Nothing slows down your weekend pace like an injury and the absence of your car. I've been resting, as much as someone like me can rest. Sure, I made apple butter, granola and three more roasted root vegetable tarts. Sure, I went to a baby shower, wandered into the woods to look for big mushrooms, and put away loads upon loads of laundry. I feel better when I'm standing up and moving around. But I also rested when the urge struck.

The girls are handling my shoulder/spine/rib injury wonderfully. They keep track of how often I do the PT-prescribed stretches, rub my shoulder, and understand that I need time to rest. If I didn't have the girls to keep me busy, my injury would hurt more, I think. 'A' and 'H' keep my mind off of the pain, they keep me moving around and limber, and they give me the strength to keep going. I don't know what I would do without them.

Last night I made Julia Child's french onion soup for dinner. I shouldn't say that I made it last night, because it actually takes a good part of the day to cook the onions slowly so that they sweeten up nicely. I first made this on New Year's Eve years ago, with Jeff, my sister Jennifer, and my brother in law, Bill. Mmmmmm! This is goodness at its best. I used vegetable stock instead of beef stock, because that's where I am in my life right now, but beef stock does taste better.

(6-8 servings)
From "Mastering the Art of French Cooking", Volume One

3 Tablespoons butter
1 Tablespoon olive oil
5 cups thinly sliced yellow onions
1 teaspoon salt
1/4 teaspoon sugar (to help carmelize the onions)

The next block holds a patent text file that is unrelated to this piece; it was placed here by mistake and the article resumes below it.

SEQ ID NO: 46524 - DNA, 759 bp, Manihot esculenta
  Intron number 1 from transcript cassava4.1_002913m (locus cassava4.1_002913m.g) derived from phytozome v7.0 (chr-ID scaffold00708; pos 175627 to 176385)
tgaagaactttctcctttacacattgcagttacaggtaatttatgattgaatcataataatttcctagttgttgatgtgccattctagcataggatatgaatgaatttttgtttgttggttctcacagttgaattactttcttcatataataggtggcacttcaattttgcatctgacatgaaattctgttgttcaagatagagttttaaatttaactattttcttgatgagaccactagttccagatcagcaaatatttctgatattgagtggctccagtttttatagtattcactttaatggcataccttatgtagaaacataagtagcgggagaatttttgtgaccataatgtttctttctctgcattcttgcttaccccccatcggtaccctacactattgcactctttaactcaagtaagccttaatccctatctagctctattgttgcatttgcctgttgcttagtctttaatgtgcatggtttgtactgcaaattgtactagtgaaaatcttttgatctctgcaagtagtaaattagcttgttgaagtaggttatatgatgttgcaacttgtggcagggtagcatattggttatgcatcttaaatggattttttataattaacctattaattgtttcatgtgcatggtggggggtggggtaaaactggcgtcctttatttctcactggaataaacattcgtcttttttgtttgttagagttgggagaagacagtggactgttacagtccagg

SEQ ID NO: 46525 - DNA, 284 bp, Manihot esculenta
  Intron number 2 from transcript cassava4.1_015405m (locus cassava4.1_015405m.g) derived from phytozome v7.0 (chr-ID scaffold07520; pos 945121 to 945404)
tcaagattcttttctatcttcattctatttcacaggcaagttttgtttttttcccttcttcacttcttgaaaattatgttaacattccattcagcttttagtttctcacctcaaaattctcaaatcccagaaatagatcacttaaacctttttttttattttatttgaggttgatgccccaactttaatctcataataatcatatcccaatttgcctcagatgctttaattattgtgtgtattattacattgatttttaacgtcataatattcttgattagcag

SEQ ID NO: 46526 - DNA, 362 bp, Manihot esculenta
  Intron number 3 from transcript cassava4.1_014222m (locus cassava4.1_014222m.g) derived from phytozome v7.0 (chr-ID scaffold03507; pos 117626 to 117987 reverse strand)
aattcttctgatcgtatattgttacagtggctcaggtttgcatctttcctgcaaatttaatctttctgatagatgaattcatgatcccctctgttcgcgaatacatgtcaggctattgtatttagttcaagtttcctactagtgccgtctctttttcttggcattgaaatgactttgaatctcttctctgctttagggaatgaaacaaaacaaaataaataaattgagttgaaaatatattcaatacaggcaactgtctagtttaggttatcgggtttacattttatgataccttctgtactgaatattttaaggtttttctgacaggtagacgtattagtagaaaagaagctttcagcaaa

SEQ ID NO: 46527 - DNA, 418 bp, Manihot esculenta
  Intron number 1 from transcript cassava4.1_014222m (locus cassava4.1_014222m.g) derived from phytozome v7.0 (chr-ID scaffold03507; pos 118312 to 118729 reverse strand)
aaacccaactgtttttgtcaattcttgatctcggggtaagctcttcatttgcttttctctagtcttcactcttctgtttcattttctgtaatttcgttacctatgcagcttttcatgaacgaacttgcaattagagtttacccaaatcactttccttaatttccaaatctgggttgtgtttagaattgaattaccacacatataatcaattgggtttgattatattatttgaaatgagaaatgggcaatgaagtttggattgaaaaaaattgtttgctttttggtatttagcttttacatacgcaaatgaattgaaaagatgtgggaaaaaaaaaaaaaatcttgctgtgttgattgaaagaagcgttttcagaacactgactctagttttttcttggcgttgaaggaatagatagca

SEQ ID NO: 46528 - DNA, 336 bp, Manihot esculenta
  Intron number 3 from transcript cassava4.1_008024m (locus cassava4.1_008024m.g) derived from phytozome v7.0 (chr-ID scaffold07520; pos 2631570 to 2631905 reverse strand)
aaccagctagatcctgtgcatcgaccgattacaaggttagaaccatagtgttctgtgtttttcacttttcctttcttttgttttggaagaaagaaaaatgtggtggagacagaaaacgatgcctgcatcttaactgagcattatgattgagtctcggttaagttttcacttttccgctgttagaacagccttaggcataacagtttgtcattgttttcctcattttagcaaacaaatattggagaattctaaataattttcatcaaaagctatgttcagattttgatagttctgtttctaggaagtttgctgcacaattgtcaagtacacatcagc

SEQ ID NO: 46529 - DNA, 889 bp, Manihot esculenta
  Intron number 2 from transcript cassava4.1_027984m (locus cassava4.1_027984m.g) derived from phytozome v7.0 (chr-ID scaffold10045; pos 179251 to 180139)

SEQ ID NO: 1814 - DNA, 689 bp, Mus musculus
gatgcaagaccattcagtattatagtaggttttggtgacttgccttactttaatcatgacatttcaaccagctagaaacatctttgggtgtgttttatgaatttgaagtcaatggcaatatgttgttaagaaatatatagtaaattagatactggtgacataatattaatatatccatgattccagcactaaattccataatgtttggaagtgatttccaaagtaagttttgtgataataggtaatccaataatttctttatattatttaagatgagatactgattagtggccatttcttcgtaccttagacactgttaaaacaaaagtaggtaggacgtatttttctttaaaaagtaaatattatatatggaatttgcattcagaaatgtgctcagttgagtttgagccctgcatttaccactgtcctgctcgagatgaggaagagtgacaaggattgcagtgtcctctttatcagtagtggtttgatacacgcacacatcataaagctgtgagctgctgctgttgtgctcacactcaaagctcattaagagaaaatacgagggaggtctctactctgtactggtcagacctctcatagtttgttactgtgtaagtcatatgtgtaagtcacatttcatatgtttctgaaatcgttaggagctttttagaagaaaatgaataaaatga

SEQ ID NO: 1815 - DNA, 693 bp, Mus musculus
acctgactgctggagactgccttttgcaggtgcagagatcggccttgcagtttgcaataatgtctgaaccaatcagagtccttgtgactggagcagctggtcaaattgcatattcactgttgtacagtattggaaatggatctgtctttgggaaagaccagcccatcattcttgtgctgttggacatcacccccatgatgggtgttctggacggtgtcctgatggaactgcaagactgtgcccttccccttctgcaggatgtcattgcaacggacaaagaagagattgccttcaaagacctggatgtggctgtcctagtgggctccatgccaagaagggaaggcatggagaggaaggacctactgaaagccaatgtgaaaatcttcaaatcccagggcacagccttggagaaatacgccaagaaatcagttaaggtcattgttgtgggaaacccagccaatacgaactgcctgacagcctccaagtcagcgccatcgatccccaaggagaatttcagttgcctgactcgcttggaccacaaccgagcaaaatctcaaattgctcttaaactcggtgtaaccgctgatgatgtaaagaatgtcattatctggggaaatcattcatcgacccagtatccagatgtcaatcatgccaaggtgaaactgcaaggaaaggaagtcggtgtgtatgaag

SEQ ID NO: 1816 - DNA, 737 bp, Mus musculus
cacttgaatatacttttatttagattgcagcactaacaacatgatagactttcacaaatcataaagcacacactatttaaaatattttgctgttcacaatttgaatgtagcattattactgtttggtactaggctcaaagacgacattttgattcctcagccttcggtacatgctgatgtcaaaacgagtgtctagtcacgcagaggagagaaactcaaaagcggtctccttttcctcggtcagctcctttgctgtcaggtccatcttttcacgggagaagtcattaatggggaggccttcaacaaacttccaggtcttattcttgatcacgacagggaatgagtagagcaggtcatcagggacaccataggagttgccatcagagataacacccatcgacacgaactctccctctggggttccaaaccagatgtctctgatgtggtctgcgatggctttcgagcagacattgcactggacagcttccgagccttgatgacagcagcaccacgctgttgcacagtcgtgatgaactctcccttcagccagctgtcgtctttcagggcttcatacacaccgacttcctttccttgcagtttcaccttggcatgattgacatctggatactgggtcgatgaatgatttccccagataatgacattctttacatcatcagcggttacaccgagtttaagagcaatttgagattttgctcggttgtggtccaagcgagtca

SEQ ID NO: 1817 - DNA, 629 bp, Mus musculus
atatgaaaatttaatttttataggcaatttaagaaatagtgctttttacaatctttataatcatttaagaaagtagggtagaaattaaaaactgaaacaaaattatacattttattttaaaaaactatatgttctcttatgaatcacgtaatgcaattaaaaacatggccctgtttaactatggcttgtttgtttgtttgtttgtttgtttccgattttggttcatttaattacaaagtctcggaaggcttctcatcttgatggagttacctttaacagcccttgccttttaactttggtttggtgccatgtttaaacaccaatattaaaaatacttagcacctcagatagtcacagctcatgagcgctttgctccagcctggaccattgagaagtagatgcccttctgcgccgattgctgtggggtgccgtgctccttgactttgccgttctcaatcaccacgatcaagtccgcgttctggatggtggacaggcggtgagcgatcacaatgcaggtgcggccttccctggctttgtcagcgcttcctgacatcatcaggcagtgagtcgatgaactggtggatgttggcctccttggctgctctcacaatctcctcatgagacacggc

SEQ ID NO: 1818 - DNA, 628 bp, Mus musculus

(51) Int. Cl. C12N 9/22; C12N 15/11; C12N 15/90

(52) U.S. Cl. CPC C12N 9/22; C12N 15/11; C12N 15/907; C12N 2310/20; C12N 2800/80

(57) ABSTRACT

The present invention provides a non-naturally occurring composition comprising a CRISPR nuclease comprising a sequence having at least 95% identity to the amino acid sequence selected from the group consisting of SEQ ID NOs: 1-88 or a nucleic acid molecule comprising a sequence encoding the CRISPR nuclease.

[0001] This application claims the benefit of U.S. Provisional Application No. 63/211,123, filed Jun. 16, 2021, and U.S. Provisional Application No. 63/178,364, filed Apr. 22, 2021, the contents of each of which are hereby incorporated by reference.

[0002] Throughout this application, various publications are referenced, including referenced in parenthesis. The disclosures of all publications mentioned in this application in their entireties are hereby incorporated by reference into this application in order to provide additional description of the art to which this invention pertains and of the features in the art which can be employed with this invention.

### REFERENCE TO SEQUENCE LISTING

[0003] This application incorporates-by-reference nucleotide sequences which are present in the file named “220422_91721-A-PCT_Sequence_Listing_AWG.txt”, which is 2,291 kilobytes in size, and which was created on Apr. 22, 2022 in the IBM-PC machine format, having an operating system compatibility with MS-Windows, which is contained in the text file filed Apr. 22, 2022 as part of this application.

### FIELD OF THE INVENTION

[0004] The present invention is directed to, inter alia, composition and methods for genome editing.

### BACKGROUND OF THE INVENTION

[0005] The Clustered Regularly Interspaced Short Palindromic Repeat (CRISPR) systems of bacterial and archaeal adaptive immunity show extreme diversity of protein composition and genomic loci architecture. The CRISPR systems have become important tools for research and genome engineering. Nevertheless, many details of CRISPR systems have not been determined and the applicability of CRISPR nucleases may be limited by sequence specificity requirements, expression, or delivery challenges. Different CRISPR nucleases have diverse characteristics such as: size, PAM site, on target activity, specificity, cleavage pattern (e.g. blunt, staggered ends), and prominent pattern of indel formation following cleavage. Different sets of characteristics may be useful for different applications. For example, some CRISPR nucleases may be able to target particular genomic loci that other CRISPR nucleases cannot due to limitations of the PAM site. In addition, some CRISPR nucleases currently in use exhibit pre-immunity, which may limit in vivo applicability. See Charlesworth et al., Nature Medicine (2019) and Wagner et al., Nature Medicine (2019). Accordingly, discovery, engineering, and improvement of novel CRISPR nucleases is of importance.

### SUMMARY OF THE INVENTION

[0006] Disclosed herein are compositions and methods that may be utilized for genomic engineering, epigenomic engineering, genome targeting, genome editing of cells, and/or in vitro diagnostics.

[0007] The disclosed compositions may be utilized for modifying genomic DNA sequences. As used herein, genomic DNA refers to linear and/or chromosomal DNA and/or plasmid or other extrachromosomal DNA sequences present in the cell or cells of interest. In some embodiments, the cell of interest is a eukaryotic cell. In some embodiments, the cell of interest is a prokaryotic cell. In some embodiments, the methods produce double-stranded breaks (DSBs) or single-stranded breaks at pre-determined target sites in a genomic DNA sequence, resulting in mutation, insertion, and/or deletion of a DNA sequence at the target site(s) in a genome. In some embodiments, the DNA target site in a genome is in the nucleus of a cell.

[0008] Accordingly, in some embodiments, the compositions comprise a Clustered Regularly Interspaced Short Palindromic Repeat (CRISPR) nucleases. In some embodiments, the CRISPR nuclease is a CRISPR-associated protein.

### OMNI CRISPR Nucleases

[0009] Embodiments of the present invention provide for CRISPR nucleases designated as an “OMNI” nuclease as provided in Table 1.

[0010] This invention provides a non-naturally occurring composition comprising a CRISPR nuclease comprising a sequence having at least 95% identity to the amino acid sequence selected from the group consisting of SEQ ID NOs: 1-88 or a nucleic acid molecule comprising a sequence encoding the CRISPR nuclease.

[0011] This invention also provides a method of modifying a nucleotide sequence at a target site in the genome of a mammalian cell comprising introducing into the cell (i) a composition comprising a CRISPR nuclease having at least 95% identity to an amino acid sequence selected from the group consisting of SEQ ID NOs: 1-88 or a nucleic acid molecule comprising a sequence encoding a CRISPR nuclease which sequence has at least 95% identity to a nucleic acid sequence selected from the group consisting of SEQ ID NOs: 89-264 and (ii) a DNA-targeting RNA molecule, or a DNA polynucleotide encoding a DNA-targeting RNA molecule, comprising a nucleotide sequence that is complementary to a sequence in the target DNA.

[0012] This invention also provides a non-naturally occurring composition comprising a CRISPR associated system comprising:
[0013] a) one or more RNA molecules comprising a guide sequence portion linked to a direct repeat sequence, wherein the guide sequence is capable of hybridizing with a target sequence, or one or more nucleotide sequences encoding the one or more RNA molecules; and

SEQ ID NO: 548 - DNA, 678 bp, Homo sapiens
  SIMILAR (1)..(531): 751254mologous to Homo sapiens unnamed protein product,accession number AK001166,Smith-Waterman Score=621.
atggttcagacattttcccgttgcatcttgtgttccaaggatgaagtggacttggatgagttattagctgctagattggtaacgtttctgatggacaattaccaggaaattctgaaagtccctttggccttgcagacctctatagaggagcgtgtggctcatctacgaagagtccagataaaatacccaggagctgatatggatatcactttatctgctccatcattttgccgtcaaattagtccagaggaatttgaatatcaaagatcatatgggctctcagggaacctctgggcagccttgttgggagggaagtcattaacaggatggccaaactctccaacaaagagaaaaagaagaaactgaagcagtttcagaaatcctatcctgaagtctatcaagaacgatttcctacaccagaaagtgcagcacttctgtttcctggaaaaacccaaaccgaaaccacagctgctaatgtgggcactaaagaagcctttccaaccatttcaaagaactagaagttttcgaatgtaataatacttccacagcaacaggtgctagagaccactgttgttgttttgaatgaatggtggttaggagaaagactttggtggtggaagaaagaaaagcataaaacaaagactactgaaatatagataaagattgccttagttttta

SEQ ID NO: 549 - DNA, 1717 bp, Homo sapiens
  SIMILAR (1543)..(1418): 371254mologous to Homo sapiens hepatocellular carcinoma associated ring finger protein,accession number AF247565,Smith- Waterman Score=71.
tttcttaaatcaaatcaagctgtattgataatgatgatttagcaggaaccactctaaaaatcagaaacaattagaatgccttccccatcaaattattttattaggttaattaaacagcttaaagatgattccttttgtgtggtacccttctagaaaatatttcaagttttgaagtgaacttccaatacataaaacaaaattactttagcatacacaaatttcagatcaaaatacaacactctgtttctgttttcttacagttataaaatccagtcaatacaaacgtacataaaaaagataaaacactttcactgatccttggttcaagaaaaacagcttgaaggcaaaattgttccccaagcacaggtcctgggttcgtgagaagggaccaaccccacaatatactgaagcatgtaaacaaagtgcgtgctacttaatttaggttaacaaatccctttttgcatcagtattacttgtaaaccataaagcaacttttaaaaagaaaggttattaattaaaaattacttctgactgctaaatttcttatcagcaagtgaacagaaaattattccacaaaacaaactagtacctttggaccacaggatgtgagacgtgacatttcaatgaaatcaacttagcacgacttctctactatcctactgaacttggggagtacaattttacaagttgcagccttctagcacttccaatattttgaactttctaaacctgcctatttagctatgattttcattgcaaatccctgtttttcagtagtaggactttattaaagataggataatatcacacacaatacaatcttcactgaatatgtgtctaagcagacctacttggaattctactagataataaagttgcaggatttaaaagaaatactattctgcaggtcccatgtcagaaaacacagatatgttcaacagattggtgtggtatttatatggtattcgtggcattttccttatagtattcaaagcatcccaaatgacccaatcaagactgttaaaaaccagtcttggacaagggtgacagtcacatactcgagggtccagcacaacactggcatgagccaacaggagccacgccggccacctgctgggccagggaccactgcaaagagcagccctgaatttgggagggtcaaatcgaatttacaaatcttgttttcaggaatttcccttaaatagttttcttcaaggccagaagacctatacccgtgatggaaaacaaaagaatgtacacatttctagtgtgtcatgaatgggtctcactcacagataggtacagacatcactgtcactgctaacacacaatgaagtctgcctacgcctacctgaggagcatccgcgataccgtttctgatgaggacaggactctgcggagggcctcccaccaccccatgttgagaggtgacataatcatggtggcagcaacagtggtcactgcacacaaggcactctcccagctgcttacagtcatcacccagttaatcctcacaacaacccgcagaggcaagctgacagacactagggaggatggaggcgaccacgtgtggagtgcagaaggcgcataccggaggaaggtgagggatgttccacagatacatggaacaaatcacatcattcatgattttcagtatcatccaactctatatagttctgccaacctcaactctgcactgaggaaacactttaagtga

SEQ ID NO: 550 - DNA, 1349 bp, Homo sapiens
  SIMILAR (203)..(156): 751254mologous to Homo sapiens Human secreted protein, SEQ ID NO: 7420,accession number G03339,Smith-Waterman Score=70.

3 Tablespoons flour
8 cups beef stock, at a boil
1/2 cup dry white wine (like extra dry vermouth)
Salt and pepper to taste
3 Tablespoons cognac

Garnish: 6-8 croutes of hard toasted French bread rounds; 1-2 cups grated Swiss or Parmesan cheese

Melt the butter and oil over low heat in a heavy soup pot. Stir in the onions, cover, and sweat until they are tender; this will take about 15 to 25 minutes.

Remove the cover, increase heat to medium, and stir in the salt and sugar. Cook 30-40 minutes, stirring often, until the onions have turned an even, very deep, golden brown. Sprinkle in the flour; cook and stir for 3 to 5 minutes.

Off the heat, whisk in the boiling stock. Add the wine. Season to taste. Place the pot back on the heat, bring to a simmer. Continue to simmer, partially covered, for 40-60 minutes or more, skim foam from surface as it appears.

Taste and correct seasonings. At this point you may set it aside, uncovered, until you are ready to serve.

When ready to serve, with the soup at a simmer, stir in the cognac. Place the toast pieces in the bottoms of each bowl, pour the soup over it, and pass the cheese separately for your guests to help themselves.

To gratinée: Place a piece of toasted (sturdy) bread on hot soup (in individual oven proof bowls), sprinkle generously with grated Gruyère and place under broiler until melted and bubbly.


Post a Comment

About Me

My name is Jillian. I started this blog as a way to experiment with my camera and it's a become a nice little spot where I enjoy spending time. I'm a mother to 6 and 4 year old daughters, wife to a cool computer guy, and mama to a cuddly cat. We enjoy eating local, organic food; managing several food allergies; homeschooling with love; spending time in nature; and we love to take time each day to be creative. You can also find me over at From Scratch Club from time to time. Welcome!